On the defensive side, I thought Earl Thomas had another quietly effective game. I thought Kam Chancellor played well, and put a big hit on Steven Jackson to stuff him short of the first down at one point. Chancellor nearly had an interception and K.J. Wright nearly had one as well. This team is doing a good job of putting themselves in a position to force turnovers and this disruptiveness and big-play potential is certainly a nice change from last year's team.

The whole bend-but-don't break philosophy was pretty insufferable last season because the defense struggled to create many turnovers. You can allow big gains as long as you hold strong when it counts and then jump on your chances to take the ball away from the offense. It doesn't work unless you take the ball away. Last season, the Seahawks finished the year -9 in turnover ratio, which was 27th in the league. This season, through 13 games, they're at +4 and 10th in the league.

Guess which teams are at the top of the turnover ratio list. San Francisco, Green Bay, Detroit, Houston, New England, Chicago... It's not a coincidence that the turnover ratio is the NUMBER ONE point of emphasis in Pete Carroll's system. I don't have the stat in front of me but the USC Trojans were something like 1,000,000,000 - 0 when winning the turnover battle during Carroll's tenure there and the Seahawks' improvement in that facet might one of the most tangible ways to measure progress.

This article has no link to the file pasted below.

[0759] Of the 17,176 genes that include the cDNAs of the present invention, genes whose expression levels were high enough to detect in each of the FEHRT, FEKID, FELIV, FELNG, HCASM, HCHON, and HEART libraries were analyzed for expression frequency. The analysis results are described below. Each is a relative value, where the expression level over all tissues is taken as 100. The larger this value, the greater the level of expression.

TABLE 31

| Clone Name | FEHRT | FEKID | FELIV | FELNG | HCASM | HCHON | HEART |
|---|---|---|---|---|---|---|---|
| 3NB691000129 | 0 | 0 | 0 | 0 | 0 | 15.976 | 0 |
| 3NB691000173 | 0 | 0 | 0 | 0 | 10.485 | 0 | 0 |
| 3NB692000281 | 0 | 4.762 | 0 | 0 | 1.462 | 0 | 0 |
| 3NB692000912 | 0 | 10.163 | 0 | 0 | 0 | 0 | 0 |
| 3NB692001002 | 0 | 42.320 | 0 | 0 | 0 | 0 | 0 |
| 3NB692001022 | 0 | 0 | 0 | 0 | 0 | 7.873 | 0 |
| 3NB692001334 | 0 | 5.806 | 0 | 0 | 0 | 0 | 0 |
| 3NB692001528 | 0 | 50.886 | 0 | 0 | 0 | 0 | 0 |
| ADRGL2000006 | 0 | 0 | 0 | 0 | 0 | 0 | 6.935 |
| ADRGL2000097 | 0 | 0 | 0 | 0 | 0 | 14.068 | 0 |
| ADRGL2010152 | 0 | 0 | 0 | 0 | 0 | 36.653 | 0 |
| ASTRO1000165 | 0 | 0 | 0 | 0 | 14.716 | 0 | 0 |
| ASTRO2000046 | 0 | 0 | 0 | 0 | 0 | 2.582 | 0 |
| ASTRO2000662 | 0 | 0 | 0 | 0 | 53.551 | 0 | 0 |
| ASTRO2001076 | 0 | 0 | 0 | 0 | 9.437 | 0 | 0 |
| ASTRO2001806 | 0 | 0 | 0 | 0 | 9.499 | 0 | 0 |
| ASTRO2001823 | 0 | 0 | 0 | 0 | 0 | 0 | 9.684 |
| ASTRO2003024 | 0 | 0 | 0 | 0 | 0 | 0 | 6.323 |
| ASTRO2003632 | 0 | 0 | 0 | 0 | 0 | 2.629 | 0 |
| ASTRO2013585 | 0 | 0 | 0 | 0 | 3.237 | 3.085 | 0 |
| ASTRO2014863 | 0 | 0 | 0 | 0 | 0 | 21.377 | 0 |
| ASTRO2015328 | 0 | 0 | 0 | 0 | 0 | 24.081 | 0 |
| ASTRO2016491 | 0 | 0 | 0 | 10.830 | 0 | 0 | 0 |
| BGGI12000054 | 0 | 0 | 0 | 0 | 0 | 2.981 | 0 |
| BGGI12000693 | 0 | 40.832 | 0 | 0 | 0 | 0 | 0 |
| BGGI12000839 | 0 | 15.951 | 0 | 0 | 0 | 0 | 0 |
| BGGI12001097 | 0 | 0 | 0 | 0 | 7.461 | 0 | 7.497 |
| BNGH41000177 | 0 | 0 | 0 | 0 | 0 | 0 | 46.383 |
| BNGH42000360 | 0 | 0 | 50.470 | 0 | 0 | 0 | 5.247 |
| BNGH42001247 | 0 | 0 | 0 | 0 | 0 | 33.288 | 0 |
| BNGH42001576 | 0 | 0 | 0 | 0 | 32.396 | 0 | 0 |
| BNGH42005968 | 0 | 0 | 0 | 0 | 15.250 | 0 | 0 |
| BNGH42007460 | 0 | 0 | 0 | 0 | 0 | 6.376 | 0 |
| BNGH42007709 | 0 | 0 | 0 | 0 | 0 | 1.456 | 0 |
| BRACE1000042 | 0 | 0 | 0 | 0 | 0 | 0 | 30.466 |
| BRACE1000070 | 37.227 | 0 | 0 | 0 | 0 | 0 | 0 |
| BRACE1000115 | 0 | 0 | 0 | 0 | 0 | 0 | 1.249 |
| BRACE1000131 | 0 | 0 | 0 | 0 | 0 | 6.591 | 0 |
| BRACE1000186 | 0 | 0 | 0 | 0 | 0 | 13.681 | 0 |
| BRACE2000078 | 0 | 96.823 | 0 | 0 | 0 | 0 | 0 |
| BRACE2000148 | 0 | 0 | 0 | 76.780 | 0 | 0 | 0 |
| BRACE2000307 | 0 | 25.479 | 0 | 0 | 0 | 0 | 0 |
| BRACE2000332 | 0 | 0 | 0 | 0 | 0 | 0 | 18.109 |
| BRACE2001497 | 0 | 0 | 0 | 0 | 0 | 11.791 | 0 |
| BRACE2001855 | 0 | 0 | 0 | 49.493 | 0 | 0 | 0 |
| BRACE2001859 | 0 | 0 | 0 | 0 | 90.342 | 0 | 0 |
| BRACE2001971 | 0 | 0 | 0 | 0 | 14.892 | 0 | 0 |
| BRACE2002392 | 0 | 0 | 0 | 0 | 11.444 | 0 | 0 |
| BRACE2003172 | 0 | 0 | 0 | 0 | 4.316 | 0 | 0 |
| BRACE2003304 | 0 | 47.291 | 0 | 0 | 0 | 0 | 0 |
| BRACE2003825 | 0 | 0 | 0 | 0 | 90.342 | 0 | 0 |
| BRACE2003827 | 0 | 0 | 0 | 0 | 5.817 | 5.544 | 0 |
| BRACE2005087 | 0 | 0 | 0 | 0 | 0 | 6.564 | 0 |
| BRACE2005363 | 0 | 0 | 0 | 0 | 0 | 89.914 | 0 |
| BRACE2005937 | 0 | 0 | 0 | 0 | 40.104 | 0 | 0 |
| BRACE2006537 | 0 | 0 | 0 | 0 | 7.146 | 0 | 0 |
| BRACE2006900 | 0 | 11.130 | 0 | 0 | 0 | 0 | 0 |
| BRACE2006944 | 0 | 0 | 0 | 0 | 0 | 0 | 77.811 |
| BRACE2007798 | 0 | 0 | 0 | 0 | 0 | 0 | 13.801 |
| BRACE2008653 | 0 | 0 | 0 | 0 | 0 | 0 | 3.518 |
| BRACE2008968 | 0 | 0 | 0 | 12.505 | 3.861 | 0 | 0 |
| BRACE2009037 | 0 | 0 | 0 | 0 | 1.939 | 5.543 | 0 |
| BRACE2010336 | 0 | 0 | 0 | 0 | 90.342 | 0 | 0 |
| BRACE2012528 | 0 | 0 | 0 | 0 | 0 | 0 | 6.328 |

The Bad:

Steven Hauschka missed a 38-yard field goal at home. Slightly disconcerting, but taken into the context that Olindo Mare missed a 36-yarder this week and is now possibly on the hot-seat in Carolina despite a 4-year, $12 million contract, I suppose it could be worse. Now, Hauschka is a 26-year old that Seattle apparently plans to develop and work with for years to come so I'm not overly concerned, it's just not something you can chalk up to the 'good' column. He did connect from 42, 23, and 48 so I'll stop complaining now.

Robert Gallery and David Hawthorne were hobbled. If Gallery goes out for extended time... well, sheesh.

I know that a lot of the penalties were ticky tack, but Richard Sherman's taunting penalty really irked me - more for the down and distance he incurred it on. Do that on a 2nd down at midfield, not when your defense is about to get off the field after making a goal line stand. I know his teammates tore him a new one on that so I'll leave it at that.

The Ugly:

The second and third quarters. For both teams.

Conclusion:

I don't know if there's anything I can really put my finger on about this game, but throughout the 2nd and 3rd quarter I just found myself in a cringe state that I couldn't shake. The sloppy play, the weird play-calling, the penalties... I don't know what it was but it left me with a bad taste in my mouth. I don't know if it was that the Rams aren't the toughest of opponents at this exact moment or that they're missing soooo mannnnny corrrrnerrrbacks, but I had a hard time feeling that elation I normally do after a win.

That being said, Kingdomer put me in my place when he said, "Buddy, Friend, Meshuga, please don't buy into the national narrative about the Seahawks never winning game, just their opponents losing... Remember John Moffit? Russell Okung? Sidney Rice? Carpenter? Trufant? Walter Thurmond? John freaking Carlson? TJax tore his pectoral only a few weeks ago...

Every team suffers injuries. Whether or not a team is "decimated" by them has more to do with the team, its coaches, its depth, and its desire than with the injuries themselves. With the amount of injuries the Seahawks have had, they could have easily faced a similar result on the year as the Rams.

No excuses. The Seahawks won. They won it pretty, the won it ugly, they won in spite of the 7 billionth questionable call on our secondary.

Just win, baby."

Well, sh*t. Fair enough man, fair enough. A win's a win's a win's a win's a win.